BioQuest: Things We’ve Done

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The lighting had fully dimmed in Arcadia, which was fortunate. Booker and Tenenbaum stood in shadow by the tunnels to the smuggler’s hideout, but they were quickly running low on time for Jack.

Tenenbaum snapped at Booker, harsh and breathy as she kept to a whisper. “I have no reason to take your word–”

“And I’ve got a few reasons to doubt yours, but this is about the kid,” he reminded her, his voice quiet like her own. It did not matter, Tenenbaum felt the heat burning in her throat, a raw anger at his response. Between the two of them, did he not think she knew more about this boy than he ever could?

“We have lost too much time already,” she dismissed, barely turning towards the tunnel before he grabbed her shoulder and turned her to face him.

He loomed over her, broad and sharply dressed even in shadow. Tenenbaum could see his gun at his side, and the close military shave. In this dark corner of the park, he nearly looked like…

“We head back now, and we can make it!” She shrugged his hand off, and he took that hint. Thankfully he didn’t have Fontaine’s accent or she may have shot him. But it was enough…

“You can’t even tell me why that is!” She went to Fontaine and his men with her ideas and a slug, and Tenenbaum knew from the moment they met he could soon be running Rapture… “I am no one’s servant.”

But she did not realize how much control he would have over her. She shook her head, stepping back and ducking into the tunnel. Her footsteps echoed off the close walls along with a distant dripping.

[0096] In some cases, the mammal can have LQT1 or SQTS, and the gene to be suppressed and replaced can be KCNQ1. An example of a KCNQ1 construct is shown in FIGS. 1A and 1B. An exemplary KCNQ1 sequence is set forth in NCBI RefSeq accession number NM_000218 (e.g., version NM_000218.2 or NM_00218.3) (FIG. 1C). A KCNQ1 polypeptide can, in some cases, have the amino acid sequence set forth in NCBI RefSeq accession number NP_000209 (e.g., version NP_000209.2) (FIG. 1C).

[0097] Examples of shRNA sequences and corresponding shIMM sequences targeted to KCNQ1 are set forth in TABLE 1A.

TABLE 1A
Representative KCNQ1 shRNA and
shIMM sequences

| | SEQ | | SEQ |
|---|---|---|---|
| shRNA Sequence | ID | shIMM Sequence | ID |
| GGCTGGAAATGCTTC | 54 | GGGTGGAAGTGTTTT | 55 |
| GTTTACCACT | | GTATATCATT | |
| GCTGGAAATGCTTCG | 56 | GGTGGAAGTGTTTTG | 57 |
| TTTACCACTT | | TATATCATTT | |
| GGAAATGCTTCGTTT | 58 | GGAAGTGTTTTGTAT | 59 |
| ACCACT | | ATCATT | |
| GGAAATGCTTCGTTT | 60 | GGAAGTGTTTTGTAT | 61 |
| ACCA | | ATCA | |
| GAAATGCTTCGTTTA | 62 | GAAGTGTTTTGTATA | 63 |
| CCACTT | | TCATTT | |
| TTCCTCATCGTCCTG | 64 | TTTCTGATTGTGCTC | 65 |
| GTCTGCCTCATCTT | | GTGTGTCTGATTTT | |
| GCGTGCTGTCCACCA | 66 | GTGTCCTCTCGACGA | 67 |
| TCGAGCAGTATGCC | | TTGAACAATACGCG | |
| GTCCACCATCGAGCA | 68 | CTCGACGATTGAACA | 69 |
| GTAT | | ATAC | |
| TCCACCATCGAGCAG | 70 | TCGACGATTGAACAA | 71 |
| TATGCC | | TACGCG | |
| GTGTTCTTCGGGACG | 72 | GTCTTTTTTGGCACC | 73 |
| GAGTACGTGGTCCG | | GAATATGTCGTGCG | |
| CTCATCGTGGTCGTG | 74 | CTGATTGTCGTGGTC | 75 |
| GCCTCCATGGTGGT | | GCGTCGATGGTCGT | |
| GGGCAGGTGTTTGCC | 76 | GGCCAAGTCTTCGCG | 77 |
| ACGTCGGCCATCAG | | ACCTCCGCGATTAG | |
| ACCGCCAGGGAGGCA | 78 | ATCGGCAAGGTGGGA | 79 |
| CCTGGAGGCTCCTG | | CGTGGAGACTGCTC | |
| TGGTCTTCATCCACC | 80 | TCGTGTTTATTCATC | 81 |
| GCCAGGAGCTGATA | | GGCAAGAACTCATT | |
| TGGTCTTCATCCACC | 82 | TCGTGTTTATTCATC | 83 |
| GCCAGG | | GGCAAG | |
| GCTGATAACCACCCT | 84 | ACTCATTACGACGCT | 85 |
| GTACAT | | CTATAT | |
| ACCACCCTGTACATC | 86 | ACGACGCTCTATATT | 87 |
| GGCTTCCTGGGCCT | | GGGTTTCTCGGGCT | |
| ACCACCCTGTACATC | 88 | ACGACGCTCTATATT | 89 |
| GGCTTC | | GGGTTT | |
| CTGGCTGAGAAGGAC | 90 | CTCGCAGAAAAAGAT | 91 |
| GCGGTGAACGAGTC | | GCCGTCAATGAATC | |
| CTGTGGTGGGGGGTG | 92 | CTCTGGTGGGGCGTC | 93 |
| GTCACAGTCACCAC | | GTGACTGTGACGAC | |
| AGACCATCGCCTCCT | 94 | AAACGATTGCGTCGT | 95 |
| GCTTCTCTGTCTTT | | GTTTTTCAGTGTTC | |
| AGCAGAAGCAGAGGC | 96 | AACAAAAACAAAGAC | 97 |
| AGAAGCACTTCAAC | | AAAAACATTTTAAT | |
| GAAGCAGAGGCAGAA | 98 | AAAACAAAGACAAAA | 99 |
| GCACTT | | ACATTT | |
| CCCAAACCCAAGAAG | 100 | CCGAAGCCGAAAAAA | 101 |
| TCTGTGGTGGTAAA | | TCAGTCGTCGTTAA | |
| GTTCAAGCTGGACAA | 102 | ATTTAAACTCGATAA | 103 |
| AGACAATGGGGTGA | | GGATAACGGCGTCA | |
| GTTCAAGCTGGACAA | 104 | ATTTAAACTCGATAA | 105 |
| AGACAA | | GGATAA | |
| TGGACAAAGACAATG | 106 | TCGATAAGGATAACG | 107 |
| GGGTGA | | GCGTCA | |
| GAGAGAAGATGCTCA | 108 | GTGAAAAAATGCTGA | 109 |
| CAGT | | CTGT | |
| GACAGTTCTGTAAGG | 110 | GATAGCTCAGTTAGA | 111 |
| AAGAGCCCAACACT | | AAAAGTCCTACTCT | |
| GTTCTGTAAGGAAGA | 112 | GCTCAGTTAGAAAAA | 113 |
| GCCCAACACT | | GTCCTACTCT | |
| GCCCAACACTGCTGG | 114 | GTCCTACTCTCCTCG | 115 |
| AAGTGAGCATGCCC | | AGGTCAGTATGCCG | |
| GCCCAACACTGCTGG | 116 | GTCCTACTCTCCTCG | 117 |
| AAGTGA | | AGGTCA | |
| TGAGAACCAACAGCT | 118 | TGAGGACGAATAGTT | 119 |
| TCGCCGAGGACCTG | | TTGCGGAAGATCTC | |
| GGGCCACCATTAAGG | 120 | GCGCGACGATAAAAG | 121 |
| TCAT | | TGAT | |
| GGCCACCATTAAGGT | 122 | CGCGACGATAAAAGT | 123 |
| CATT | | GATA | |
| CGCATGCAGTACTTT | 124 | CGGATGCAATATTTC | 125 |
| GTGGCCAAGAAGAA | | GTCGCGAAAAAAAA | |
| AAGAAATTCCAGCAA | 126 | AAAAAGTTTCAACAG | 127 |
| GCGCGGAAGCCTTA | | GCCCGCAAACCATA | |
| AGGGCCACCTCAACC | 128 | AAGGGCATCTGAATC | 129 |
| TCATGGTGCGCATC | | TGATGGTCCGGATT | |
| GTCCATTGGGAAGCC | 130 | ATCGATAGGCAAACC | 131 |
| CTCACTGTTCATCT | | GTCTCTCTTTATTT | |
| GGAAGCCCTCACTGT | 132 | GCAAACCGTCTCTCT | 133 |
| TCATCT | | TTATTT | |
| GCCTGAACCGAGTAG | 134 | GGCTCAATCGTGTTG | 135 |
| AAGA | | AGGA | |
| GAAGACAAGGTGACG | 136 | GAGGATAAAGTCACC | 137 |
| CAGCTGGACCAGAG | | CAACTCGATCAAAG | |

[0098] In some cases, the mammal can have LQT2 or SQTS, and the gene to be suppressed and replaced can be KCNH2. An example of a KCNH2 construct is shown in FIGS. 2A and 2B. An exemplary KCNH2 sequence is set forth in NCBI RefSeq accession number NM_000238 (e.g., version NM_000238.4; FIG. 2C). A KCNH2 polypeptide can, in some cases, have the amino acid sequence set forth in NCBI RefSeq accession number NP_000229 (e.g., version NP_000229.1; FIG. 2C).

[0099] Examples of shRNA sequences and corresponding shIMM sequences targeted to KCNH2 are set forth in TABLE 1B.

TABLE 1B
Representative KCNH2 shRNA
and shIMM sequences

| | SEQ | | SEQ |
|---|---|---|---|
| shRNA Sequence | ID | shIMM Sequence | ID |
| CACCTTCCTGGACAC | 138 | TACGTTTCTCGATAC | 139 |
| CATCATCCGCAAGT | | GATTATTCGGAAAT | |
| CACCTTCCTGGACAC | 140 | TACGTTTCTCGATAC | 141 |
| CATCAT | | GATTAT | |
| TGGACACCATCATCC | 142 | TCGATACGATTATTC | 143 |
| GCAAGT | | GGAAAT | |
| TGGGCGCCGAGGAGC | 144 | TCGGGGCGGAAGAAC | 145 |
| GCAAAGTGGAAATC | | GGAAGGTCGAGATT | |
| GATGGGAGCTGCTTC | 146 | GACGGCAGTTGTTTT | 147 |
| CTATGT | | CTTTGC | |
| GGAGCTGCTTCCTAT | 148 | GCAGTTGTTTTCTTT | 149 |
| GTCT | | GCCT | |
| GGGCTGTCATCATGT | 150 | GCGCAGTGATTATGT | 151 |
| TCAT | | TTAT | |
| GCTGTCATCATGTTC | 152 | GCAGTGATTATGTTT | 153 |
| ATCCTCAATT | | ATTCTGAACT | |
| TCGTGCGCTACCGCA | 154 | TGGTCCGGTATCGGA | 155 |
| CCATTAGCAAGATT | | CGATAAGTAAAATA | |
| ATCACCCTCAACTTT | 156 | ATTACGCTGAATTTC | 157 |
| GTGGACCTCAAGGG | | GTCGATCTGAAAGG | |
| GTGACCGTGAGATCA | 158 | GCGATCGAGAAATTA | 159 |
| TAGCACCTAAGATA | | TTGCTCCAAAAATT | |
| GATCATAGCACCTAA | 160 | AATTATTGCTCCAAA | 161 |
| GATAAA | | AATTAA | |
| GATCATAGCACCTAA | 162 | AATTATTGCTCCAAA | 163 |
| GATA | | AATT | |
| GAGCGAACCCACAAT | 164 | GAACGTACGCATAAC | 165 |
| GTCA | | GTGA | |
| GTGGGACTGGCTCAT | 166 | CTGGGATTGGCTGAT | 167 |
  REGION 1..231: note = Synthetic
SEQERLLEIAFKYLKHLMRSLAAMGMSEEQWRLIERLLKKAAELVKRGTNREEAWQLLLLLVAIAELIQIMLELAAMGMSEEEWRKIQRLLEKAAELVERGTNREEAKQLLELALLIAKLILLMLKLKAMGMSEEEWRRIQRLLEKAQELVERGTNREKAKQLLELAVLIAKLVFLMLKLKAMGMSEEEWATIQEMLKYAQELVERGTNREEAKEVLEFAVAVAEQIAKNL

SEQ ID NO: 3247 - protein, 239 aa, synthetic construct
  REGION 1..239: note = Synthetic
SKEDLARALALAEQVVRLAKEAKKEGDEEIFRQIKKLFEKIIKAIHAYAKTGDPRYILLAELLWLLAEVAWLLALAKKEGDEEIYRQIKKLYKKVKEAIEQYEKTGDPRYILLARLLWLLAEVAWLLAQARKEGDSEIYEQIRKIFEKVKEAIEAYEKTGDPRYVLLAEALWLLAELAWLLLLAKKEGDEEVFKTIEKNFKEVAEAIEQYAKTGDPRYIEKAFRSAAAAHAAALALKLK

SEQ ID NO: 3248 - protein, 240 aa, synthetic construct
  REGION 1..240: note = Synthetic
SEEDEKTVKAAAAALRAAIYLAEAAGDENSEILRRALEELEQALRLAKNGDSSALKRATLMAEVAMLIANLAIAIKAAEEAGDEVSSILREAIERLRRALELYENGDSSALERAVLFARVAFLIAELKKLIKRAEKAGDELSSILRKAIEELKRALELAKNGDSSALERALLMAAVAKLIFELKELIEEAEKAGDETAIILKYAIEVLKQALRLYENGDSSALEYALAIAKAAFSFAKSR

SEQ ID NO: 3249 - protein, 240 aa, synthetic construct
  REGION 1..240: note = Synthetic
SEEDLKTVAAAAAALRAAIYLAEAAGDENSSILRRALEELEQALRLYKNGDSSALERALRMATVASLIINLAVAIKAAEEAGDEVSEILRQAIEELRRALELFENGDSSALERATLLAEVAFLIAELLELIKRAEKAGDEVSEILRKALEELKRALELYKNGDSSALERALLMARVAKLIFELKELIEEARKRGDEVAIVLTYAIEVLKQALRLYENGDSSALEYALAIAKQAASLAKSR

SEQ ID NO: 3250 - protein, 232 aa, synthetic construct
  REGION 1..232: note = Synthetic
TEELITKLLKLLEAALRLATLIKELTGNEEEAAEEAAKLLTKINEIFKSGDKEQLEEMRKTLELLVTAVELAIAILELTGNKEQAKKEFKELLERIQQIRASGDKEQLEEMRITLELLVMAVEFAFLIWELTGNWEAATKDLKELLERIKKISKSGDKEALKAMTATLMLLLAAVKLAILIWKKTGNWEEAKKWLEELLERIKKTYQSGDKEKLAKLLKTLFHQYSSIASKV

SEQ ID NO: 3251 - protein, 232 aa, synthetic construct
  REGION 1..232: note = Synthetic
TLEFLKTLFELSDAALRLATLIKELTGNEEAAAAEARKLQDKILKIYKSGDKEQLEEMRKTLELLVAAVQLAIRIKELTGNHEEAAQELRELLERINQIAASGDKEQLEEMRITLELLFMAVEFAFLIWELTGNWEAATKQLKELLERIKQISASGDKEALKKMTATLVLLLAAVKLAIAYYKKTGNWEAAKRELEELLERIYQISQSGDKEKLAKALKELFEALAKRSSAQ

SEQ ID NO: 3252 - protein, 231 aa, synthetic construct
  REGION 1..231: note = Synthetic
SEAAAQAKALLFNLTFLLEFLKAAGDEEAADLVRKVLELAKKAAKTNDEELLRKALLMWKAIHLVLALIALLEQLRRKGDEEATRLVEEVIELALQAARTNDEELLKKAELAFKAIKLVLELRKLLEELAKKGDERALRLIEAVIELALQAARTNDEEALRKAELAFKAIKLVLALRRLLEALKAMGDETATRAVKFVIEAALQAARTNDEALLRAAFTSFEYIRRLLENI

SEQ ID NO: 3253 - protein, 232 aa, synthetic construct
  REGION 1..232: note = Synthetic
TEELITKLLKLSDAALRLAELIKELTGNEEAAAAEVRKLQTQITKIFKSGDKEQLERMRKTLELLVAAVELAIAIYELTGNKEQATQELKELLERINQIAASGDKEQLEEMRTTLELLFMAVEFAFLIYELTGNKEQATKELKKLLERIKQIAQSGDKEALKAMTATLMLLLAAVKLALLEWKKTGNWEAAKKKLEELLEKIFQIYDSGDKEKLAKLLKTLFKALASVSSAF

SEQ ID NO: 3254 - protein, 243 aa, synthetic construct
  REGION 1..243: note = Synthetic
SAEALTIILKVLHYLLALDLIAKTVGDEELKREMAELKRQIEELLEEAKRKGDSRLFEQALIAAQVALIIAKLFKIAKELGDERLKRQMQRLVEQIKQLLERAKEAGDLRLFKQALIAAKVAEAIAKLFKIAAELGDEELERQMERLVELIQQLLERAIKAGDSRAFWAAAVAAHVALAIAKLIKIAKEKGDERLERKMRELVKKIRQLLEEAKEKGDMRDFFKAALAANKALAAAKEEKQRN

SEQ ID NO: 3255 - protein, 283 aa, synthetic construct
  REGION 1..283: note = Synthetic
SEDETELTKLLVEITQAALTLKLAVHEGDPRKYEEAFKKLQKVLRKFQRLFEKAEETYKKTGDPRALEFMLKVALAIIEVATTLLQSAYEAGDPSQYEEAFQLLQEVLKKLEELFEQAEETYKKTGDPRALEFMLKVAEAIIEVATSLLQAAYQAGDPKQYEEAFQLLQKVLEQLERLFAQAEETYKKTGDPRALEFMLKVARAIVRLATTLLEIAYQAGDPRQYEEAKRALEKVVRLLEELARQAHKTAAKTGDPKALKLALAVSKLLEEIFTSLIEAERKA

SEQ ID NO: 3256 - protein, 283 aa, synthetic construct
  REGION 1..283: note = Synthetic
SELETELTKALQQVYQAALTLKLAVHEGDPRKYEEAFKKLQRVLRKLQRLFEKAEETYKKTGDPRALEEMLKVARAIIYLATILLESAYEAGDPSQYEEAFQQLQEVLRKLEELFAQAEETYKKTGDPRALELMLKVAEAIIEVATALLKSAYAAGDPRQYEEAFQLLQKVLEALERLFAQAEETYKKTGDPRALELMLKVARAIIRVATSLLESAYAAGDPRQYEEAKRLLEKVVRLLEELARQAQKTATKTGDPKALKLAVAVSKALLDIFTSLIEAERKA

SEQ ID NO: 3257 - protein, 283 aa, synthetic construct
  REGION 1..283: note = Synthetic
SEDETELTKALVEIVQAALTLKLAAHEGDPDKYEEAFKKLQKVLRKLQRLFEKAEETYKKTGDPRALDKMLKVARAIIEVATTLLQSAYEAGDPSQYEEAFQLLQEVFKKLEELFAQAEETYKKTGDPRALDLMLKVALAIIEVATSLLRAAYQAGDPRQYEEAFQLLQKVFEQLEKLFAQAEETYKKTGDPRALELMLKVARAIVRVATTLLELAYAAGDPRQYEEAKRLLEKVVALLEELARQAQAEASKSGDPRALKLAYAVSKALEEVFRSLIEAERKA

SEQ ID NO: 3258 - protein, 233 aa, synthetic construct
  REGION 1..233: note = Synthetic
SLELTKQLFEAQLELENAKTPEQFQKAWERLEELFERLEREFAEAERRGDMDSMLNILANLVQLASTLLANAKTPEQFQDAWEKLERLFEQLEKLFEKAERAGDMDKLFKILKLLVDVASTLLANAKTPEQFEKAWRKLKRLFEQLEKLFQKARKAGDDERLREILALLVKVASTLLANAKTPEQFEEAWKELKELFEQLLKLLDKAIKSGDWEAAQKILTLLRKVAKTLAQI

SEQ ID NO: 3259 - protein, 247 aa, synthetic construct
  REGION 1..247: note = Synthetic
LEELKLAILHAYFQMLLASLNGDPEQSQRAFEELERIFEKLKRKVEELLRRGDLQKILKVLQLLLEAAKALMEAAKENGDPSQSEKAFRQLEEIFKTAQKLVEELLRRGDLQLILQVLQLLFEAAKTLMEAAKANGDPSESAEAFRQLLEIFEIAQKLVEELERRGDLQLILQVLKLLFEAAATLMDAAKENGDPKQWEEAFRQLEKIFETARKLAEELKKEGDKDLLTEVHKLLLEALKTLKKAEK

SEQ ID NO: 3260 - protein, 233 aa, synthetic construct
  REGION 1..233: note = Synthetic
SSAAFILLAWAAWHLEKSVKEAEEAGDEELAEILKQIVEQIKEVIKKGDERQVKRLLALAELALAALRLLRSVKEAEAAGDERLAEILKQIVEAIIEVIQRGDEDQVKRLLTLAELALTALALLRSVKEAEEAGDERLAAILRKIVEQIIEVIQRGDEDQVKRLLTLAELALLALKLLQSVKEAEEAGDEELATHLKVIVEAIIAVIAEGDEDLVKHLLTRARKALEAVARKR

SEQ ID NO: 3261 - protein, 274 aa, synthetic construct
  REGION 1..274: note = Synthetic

“Dammit, will you just listen to me?” Sliding her hands along the rough walls, she pressed on as her eyes adjusted slowly to the darkness. The floors were mostly even and her heels didn’t slow her down any more than Booker’s voice behind her.

“Doctor? Doctor!” He muttered another curse, and he clambered in after her. The dank, still air came as a comfort. Without these passageways, they would lose Jack. She could not have rescued the girls.

Her heart beat against her rib cage like a prisoner in rebellion, but Tenenbaum found a touch of peace here. Fontaine had used these passageways too, but for a much darker purpose… She shook the thought away again.

Booker closed the space between them even though she hadn’t slowed down for him, and they walked together in silence. At last, a light reached her and she paused at the exit… A familiar enclave greeted her, but not the one she wanted.

“Scheisse,” she whispered, putting her arm back to push Booker to retreat. The submarine was here, which meant Jack was still safe, but men would not be far… They needed to ambush them if they were to win.

“What’s it now, doctor?” Of course he could not see the men coming, and Booker continued. “We can still go back–”

“Hey, who’s there?!” Too late, he realized and pulled her back and fired, emptying his shotgun into the closest smuggler.

“It’s the damn Kraut, I,” the second man began, staggering back as he watched the blood pool around his fallen friend. “I gotta warn ’em!”

Taking aim, she lodged three shots in the man’s back as he ran. He fell into the ocean water, sinking below. A shame nothing he had would be usable by the time his corpse floated back.